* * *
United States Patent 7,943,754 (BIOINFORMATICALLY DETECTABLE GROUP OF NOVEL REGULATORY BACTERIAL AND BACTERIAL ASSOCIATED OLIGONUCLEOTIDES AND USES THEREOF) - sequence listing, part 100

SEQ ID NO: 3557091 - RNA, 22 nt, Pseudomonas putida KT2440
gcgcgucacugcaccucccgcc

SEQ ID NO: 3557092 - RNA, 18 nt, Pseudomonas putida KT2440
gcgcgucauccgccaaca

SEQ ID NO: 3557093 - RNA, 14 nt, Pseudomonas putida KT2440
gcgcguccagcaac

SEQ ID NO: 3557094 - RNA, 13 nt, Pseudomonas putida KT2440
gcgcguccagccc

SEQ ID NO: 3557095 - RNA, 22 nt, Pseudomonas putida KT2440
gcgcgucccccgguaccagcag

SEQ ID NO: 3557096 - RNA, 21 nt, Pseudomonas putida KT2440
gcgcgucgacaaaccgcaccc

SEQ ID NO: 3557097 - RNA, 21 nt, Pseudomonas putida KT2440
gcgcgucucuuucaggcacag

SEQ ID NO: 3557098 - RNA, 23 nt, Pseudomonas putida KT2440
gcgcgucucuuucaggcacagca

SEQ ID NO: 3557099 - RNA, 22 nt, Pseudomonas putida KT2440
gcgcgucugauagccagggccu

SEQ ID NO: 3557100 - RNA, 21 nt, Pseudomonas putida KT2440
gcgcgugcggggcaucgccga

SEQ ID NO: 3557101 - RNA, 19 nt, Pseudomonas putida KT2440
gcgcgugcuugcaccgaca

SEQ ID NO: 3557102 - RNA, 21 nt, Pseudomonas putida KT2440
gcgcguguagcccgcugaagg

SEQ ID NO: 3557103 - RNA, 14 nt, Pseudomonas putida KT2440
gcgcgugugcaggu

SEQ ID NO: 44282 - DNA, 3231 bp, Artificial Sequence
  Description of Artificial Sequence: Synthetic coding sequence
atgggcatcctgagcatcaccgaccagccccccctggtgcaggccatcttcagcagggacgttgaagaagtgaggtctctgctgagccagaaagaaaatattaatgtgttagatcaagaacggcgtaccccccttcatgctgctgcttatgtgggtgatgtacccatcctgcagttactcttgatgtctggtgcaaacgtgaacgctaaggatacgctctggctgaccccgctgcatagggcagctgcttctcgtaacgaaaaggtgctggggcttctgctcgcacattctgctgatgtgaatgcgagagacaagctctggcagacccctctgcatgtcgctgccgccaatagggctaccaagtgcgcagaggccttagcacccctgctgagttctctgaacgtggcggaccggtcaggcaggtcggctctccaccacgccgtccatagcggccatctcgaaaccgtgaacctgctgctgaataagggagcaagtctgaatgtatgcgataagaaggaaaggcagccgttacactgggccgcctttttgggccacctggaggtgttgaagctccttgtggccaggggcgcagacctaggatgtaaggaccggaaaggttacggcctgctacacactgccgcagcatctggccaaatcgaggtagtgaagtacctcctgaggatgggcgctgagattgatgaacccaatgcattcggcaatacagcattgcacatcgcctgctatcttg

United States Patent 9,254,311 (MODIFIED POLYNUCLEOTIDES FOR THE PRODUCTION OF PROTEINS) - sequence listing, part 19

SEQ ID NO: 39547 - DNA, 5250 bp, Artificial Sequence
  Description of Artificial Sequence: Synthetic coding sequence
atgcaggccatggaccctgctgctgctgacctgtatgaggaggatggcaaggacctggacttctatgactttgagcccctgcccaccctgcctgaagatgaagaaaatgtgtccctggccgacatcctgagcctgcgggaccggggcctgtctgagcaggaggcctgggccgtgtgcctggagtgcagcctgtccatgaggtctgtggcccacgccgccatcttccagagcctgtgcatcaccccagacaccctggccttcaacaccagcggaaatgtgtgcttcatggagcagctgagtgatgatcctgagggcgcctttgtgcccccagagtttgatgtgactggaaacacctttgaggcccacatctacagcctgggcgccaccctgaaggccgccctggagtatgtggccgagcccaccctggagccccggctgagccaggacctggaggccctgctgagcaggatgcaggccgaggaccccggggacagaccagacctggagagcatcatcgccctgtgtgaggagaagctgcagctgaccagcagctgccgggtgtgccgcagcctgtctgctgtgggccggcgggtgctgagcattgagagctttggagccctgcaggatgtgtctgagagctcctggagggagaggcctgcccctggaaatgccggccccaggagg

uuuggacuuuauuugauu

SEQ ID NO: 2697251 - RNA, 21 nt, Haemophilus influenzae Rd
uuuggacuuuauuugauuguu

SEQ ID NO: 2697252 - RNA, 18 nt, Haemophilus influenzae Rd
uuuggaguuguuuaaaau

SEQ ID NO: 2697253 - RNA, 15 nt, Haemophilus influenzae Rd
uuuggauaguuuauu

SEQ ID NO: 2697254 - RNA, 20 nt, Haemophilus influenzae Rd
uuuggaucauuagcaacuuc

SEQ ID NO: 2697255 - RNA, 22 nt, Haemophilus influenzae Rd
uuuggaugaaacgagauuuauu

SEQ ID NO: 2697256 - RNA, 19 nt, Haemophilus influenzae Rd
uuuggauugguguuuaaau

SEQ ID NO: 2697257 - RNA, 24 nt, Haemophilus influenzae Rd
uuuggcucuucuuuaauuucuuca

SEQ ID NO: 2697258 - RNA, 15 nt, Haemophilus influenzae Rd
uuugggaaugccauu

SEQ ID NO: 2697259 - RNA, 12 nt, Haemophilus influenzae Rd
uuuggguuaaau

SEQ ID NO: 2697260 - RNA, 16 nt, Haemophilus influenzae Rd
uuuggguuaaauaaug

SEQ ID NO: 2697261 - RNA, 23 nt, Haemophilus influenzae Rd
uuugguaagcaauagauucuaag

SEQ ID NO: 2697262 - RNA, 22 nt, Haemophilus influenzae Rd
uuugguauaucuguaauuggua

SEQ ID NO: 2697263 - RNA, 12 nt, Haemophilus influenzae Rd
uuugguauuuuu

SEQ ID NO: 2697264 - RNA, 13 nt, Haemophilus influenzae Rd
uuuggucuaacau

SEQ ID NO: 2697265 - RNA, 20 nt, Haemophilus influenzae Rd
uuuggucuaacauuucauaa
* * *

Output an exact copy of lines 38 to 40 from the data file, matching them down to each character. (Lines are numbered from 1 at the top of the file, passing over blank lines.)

SEQ ID NO: 2697252 - RNA, 18 nt, Haemophilus influenzae Rd
uuuggaguuguuuaaaau

SEQ ID NO: 2697253 - RNA, 15 nt, Haemophilus influenzae Rd